# Fluxoniums

## We work on a highly anharmonic electrical circuit, called Fluxonium, composed of a capacitance, an inductance and a Josephson junction in parallel. By changing the relative value of the energy scales associated to each of these components, we can tailor a large variety of circuits with extremely different properties ranging from high-fidelity qubits for quantum computation, long-lived (protected) qubits with engineered forbidden transitions, or use them as ancillary systems with large quantum fluctuations as a probe of other quantum systems.

Fluxonium is a type of superconducting qubit that can be used in information processing and as a quantum sensor. It was invented in 2009 in the group of Michel Devoret at Yale and gained recently a lot of interest for its potential for Quantum computation.
Fluxonium qubits are designed to have certain advantages over the others superconducting qubits, such as longer coherence times and potentially reduced sensitivity to certain types of noise. They consist of a superconducting loop made of a small Josephson junction and a large inductance making it natively sensitive to external magnetic flux.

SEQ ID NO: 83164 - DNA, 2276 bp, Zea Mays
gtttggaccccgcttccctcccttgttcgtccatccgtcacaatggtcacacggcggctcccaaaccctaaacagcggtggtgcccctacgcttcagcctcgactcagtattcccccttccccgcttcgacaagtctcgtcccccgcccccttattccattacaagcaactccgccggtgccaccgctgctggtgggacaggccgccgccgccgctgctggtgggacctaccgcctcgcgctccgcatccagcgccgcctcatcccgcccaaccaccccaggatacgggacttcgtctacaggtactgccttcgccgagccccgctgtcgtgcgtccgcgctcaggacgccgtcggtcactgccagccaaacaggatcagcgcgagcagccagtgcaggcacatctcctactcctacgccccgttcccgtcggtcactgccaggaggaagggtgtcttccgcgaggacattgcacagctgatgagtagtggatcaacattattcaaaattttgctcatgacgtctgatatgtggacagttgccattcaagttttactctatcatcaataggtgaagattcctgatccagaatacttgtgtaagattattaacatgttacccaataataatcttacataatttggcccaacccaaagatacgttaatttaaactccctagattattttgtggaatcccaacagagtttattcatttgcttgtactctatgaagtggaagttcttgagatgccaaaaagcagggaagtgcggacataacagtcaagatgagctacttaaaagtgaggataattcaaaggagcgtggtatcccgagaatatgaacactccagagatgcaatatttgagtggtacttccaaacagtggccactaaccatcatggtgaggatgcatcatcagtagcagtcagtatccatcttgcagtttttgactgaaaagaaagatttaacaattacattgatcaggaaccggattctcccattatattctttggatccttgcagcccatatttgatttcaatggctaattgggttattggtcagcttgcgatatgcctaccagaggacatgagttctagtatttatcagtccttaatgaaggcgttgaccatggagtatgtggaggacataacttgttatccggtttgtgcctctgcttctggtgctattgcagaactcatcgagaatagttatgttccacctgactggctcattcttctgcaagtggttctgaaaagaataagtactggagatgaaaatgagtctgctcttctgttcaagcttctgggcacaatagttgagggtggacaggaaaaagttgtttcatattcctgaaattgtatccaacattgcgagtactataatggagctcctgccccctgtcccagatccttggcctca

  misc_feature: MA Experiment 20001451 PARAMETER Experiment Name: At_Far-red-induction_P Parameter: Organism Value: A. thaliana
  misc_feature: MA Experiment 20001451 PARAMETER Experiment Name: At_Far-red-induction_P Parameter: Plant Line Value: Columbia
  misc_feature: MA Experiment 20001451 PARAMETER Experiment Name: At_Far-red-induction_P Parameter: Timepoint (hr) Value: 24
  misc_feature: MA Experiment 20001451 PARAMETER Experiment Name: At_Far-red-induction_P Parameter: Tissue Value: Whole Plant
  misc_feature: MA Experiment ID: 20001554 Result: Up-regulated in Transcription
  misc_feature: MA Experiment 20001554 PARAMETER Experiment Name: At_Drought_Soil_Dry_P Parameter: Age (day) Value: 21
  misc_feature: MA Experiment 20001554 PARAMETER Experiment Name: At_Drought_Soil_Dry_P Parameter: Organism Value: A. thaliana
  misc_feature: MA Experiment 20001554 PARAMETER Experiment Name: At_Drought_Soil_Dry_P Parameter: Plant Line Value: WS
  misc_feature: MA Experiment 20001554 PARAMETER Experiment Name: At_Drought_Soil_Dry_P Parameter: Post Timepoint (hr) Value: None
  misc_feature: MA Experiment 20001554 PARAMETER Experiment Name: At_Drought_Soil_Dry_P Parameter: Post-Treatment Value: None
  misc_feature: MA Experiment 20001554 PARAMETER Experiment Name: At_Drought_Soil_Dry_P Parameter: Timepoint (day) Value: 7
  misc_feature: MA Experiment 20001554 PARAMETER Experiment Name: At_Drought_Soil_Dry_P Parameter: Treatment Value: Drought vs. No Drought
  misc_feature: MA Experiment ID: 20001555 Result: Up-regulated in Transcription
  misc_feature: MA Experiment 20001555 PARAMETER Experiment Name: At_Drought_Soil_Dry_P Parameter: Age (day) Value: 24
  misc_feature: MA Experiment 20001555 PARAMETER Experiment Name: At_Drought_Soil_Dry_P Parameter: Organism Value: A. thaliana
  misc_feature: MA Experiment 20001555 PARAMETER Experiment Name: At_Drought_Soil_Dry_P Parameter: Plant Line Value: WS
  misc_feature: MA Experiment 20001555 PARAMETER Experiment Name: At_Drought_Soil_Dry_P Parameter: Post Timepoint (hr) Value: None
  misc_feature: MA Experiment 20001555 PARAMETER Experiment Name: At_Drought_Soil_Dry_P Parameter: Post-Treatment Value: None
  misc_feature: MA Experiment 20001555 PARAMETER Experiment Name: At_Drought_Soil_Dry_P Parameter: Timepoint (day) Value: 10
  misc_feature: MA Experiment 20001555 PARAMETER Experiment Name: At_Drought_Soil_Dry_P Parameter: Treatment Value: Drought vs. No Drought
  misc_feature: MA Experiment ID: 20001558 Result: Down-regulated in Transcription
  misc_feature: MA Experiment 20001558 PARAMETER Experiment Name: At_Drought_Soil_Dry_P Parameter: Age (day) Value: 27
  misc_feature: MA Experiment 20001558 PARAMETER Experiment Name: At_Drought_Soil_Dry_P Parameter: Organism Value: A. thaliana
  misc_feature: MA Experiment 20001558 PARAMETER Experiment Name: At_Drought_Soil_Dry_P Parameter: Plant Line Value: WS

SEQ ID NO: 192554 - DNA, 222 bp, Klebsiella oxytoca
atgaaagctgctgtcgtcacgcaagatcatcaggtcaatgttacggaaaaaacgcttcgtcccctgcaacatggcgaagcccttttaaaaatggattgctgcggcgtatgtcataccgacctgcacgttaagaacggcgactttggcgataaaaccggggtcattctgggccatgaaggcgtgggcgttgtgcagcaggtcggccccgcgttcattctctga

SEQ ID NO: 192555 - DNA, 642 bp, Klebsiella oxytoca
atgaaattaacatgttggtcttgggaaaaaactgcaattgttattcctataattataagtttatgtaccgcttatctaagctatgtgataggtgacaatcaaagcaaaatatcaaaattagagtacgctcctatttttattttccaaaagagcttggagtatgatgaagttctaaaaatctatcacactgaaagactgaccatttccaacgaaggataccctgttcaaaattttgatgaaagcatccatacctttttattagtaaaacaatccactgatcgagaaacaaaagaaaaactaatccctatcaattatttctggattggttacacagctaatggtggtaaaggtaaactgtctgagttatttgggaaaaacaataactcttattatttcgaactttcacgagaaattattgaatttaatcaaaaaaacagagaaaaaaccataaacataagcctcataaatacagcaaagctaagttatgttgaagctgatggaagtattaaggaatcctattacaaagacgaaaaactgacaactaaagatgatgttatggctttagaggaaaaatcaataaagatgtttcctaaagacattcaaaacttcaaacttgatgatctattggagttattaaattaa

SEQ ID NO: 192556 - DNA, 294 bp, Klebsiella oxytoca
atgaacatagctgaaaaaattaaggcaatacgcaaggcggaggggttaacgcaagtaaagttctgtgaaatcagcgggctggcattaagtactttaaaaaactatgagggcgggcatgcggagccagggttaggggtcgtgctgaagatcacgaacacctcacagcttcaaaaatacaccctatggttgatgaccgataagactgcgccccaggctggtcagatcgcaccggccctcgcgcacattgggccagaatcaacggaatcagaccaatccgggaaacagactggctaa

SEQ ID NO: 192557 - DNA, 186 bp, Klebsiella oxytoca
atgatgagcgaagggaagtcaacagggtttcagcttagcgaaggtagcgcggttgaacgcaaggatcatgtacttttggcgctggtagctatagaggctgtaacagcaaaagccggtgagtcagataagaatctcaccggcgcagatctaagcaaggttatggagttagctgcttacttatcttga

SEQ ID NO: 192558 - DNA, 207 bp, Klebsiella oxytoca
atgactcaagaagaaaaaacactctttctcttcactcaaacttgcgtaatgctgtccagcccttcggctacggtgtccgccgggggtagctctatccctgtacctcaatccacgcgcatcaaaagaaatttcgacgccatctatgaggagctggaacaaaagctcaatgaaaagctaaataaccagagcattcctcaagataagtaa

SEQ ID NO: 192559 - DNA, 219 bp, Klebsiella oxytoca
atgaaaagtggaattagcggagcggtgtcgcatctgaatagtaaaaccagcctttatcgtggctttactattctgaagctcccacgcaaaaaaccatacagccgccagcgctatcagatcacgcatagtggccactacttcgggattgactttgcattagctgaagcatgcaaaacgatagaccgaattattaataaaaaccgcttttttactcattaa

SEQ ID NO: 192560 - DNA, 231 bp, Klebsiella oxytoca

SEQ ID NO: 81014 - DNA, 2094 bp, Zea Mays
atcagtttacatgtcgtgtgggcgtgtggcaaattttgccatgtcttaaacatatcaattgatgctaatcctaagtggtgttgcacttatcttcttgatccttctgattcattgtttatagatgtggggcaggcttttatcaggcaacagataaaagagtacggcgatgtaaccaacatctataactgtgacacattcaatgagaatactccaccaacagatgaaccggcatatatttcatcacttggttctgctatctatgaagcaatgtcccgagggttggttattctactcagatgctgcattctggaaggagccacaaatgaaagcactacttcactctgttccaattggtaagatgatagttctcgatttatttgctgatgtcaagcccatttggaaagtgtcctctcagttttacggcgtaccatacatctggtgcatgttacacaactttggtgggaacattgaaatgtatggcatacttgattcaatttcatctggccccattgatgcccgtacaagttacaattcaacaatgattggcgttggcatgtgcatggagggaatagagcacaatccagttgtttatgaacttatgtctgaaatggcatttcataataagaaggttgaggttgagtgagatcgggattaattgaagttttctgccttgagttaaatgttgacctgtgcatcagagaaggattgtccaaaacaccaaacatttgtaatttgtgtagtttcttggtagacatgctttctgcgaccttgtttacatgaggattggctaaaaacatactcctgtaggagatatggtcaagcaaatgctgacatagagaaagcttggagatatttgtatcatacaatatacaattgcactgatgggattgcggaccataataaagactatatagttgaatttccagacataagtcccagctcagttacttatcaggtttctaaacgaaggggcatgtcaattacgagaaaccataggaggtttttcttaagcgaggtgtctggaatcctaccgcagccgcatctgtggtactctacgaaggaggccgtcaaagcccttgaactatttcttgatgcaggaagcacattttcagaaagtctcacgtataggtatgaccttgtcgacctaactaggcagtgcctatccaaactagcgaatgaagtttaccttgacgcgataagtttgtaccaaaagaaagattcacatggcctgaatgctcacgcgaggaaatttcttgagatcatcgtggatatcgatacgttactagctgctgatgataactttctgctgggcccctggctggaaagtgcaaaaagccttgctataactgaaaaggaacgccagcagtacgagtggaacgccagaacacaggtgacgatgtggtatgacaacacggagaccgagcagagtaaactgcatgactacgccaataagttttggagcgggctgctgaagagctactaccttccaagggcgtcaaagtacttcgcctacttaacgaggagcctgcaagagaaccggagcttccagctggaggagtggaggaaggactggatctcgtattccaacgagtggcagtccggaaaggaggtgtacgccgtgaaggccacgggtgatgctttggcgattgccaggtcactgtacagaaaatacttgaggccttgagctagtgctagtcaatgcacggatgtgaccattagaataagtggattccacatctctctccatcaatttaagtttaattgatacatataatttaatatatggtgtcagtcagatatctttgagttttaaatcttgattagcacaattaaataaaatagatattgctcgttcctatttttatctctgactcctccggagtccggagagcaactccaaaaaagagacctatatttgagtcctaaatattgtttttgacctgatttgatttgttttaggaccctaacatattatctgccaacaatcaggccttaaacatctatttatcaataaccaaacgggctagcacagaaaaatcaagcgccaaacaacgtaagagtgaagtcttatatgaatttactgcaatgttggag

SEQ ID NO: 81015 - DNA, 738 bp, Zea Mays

### Key features and characteristics of fluxonium qubits

#### Long Coherence Times

One of the primary advantages of fluxonium qubits is that the matrix element controlling the sensitivity of the circuit to noise can be adjusted by design. This led to the demonstration of coherence times above a millisecond. This means that quantum information encoded in these qubits can be preserved for relatively extended periods without sacrificing on gate duration, which is crucial for error correction and practical quantum computing.

#### Anharmonicity

Fluxonium qubits typically exhibit a high anharmonicity, which is the energy difference between the first and second transition frequency of the circuit. High anharmonicity makes it easier to perform precise single-qubit operations and two-qubit gates, a fundamental requirement for quantum computation.

#### Noise Resilience

Fluxonium qubits can be designed to be less sensitive to certain types of noise, in particular material losses that couple electrically by operating at very low frequency (below 1 Gigahertz) as well as magnetic flux noise when operated at specific external magnetic flux bias.

Fluxoniums © CNRS / INSTITUT NÉEL

### Quantum computing and quantum information processing

Fluxonium qubits are still an active area of research in the field of quantum computing and quantum information processing. Scientists and engineers are continually working to improve their performance, reduce error rates, and integrate them into larger-scale quantum computing systems.